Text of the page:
|Sep11-06, 05:38 PM||#1|
Radius probability of random cut hemisphere.
Imagine viewing a hemisphere normal to the equator such that it looks like a circile with the full radius of the hemisphere. Now randomly section or cut the hemisphere in a manner a tomato is sliced. If we only consider the portion of the hemisphere that contains the pole we should be generating a smaller radius then the full radius given we actually cut something off.
My question is the following:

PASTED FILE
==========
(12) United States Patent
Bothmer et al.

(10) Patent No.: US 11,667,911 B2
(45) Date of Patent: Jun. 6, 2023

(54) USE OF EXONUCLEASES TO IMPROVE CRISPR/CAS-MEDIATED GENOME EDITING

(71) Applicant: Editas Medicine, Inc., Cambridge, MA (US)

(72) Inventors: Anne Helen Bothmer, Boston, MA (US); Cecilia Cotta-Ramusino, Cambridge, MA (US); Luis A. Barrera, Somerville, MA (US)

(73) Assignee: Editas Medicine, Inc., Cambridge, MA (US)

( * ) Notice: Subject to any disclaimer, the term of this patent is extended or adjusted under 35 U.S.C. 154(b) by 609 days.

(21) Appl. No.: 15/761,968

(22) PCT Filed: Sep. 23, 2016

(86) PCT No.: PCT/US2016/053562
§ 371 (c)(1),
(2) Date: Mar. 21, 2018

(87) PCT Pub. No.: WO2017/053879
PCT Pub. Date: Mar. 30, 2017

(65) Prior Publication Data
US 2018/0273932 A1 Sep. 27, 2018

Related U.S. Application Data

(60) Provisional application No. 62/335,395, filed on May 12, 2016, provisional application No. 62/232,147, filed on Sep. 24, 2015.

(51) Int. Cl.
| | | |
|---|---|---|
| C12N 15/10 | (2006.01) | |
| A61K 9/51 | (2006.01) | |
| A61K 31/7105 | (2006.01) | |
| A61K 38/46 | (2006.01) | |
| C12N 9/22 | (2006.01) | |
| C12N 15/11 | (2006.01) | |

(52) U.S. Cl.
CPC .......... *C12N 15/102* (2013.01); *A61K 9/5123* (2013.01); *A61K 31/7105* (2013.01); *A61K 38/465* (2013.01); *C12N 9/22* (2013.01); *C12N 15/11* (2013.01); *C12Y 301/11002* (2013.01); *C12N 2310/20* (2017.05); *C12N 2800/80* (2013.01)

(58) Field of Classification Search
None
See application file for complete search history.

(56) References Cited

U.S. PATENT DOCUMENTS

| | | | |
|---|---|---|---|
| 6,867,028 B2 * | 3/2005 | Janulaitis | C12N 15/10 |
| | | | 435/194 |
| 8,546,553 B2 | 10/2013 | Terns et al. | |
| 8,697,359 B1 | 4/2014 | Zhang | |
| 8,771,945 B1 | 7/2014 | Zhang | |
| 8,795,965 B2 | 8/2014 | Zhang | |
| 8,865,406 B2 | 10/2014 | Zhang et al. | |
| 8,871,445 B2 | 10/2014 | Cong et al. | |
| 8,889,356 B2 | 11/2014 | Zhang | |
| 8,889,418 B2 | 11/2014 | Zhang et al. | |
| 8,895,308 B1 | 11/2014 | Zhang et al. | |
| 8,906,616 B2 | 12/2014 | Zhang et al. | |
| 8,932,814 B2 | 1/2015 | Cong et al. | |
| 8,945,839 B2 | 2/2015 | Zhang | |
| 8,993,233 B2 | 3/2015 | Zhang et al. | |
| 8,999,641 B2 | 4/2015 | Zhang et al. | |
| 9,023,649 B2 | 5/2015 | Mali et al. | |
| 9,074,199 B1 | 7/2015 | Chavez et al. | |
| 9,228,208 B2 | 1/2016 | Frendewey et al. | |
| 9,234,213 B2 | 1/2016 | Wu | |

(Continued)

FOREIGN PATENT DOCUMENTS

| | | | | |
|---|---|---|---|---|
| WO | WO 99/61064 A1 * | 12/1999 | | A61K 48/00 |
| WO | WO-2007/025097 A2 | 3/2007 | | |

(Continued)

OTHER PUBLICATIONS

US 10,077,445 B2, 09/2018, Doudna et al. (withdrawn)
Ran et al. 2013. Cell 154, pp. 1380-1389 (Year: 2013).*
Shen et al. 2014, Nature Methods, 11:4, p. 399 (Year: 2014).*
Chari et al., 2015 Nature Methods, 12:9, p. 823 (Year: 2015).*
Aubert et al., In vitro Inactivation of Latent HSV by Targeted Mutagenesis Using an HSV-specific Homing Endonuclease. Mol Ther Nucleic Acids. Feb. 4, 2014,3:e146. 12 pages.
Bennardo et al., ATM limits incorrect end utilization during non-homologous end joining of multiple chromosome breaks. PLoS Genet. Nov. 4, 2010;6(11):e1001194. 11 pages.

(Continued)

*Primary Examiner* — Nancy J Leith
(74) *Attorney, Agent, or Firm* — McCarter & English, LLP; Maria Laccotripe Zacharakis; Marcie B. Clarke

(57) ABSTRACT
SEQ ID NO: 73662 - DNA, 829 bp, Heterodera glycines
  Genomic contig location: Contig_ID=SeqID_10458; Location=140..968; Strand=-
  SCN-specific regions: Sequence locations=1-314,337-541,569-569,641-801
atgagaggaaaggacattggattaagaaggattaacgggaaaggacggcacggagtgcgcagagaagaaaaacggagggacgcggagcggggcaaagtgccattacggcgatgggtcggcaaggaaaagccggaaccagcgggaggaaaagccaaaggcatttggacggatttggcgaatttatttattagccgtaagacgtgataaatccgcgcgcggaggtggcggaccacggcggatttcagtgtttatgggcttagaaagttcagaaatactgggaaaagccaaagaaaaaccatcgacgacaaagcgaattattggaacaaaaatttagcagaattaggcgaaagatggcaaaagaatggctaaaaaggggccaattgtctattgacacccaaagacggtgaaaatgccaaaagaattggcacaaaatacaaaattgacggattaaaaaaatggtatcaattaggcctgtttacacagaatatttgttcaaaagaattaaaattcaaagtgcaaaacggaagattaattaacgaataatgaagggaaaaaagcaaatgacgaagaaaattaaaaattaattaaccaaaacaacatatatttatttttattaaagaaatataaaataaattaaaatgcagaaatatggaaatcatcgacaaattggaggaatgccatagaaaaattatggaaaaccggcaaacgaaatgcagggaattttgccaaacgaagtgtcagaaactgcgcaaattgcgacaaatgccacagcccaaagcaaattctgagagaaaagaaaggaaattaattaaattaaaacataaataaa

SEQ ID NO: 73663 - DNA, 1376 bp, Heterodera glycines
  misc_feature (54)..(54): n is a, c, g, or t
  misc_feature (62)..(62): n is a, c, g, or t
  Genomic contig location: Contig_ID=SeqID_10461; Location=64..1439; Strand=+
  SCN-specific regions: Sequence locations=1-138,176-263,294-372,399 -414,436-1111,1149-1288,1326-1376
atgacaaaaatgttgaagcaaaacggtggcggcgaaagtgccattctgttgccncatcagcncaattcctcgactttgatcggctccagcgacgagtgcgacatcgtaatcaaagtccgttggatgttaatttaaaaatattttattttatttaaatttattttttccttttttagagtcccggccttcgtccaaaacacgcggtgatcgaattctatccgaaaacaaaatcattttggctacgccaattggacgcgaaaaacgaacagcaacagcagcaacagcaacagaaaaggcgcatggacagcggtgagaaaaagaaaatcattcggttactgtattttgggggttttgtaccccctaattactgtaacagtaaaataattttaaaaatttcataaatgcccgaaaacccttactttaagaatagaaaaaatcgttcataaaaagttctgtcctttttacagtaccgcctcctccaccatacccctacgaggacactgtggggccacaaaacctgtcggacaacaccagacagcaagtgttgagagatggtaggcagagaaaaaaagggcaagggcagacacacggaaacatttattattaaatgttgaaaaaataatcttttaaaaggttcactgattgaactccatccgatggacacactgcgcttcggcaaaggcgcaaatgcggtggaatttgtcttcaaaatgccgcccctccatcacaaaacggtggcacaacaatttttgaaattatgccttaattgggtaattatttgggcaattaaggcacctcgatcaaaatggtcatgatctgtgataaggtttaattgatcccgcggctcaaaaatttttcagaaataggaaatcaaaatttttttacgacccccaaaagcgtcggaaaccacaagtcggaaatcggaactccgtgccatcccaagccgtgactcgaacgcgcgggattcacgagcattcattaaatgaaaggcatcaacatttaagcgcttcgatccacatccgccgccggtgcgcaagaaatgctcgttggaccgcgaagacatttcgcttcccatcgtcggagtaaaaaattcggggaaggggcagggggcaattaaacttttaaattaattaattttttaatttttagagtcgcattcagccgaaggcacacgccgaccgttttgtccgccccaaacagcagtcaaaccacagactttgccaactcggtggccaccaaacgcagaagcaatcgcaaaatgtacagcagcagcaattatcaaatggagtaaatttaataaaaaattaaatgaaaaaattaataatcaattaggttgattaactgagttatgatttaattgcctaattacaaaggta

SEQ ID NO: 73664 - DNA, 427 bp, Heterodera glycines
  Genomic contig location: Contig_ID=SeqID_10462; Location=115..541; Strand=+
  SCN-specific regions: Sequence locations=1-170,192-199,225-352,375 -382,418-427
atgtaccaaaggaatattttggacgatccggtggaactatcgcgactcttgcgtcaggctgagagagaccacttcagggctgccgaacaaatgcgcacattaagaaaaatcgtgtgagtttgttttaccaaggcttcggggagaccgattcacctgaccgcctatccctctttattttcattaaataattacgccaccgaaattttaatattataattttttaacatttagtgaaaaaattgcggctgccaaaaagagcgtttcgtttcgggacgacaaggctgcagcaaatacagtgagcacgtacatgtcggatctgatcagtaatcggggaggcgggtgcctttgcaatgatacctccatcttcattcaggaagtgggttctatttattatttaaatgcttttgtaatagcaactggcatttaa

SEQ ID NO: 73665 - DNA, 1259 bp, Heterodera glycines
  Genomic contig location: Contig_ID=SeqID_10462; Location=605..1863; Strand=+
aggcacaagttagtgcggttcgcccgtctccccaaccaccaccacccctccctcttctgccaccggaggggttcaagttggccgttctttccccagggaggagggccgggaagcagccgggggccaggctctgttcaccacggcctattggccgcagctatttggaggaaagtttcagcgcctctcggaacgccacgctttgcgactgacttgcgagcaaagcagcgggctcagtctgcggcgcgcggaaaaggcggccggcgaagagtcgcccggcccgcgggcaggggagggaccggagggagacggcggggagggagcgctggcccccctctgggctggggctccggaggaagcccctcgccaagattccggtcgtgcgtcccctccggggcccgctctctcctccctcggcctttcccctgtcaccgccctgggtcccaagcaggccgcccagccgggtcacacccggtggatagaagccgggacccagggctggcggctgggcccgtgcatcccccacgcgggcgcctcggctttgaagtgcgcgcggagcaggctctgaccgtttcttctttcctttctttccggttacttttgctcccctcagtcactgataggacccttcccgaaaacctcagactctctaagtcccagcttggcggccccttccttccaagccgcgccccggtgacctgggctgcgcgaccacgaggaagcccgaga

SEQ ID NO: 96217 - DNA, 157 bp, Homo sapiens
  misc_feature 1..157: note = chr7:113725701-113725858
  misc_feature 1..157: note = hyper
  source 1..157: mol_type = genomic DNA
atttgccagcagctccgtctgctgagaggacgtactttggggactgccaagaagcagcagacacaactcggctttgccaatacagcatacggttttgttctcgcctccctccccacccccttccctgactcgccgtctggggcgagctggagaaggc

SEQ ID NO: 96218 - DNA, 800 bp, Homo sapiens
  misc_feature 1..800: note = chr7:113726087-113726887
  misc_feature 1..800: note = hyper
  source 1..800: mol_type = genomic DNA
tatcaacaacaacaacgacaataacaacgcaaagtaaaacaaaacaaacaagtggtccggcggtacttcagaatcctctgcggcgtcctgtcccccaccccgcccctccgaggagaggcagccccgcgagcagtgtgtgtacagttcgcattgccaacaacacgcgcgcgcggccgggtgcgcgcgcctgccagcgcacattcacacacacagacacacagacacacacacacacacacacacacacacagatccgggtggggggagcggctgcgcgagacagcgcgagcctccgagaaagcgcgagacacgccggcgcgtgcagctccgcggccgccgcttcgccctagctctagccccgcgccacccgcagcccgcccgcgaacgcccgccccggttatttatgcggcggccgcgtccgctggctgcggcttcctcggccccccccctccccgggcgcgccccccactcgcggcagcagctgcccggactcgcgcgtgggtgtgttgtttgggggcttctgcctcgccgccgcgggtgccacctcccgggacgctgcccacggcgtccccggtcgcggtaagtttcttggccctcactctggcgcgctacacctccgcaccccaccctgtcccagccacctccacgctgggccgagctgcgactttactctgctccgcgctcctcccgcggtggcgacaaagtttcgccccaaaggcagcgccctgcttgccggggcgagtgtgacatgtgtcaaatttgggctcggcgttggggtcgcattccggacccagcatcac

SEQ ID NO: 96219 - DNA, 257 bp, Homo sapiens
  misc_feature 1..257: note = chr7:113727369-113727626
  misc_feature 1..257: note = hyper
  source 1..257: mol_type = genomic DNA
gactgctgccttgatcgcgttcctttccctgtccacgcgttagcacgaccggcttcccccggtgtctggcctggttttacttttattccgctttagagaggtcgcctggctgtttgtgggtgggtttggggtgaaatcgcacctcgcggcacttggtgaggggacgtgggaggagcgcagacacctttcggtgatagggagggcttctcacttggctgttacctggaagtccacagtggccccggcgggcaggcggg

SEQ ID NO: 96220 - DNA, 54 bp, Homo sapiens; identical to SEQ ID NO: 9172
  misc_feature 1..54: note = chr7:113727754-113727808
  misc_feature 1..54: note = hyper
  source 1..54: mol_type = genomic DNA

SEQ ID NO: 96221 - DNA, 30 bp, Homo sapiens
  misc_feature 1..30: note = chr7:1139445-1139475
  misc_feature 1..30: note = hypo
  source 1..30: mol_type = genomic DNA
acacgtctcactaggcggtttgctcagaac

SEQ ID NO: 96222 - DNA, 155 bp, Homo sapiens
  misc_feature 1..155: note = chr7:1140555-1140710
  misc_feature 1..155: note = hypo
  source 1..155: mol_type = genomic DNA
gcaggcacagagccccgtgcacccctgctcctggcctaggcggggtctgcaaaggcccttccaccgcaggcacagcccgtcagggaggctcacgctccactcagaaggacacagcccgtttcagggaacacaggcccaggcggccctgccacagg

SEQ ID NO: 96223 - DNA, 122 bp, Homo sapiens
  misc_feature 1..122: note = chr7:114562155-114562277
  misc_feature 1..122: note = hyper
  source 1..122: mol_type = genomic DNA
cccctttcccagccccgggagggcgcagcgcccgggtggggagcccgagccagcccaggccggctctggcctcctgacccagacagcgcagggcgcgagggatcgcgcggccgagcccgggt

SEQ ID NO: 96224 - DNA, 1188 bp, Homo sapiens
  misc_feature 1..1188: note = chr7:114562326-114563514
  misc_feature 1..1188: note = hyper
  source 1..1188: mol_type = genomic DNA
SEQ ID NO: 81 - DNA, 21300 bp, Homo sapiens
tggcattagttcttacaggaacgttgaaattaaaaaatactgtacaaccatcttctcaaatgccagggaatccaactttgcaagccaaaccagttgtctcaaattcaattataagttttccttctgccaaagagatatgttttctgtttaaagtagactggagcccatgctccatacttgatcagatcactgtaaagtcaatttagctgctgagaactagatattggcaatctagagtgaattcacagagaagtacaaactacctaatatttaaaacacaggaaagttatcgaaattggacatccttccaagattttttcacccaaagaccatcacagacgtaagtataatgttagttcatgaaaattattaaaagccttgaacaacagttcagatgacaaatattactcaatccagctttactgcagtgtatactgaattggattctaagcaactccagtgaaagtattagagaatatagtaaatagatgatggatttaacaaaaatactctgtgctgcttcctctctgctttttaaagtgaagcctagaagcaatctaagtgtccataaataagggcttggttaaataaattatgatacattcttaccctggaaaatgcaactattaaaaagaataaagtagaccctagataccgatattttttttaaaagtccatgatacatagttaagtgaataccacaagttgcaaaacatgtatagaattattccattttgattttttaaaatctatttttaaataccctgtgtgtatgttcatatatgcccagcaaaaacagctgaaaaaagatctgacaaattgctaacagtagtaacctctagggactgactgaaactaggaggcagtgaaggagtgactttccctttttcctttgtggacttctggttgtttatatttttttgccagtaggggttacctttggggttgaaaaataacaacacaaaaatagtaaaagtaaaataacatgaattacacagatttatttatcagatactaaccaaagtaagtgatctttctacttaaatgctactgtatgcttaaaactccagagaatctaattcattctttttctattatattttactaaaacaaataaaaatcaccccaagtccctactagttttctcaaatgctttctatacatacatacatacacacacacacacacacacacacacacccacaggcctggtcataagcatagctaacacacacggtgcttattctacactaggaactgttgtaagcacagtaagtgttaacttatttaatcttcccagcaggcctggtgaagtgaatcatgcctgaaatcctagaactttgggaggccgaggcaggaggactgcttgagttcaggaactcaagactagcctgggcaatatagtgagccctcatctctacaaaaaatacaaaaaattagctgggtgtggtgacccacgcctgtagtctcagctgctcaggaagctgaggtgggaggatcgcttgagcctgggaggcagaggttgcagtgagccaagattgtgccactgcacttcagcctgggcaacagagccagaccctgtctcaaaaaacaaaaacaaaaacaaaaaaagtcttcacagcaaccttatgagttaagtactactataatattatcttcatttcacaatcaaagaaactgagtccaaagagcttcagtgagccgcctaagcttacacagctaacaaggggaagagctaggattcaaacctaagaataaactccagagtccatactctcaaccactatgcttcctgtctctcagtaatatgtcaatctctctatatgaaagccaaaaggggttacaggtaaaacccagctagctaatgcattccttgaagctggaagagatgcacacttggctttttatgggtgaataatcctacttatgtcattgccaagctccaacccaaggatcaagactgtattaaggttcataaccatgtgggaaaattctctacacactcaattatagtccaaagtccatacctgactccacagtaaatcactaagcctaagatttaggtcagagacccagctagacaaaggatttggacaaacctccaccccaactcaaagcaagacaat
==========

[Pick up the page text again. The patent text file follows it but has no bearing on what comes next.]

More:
What is the average length of the radius of a randomly cut cross-section?
I did this numerically and obtained 0.7855 of the original radius. What is the analytical approach? Thanks.
|Sep11-06, 07:14 PM||#2|
Just do some integration .
You will get
where R is the radius of the sphere
|Sep12-06, 11:46 AM||#3|
Ah I see, I just integrate sqrt(1-x^2) from 0 to R. That's a tough integral though for a guy who hasn't done much calculus in 3 years, I was lazy and used mathematica to obtain the solution. Makes me feel like I would be useless in a deserted island. Thanks for the help.
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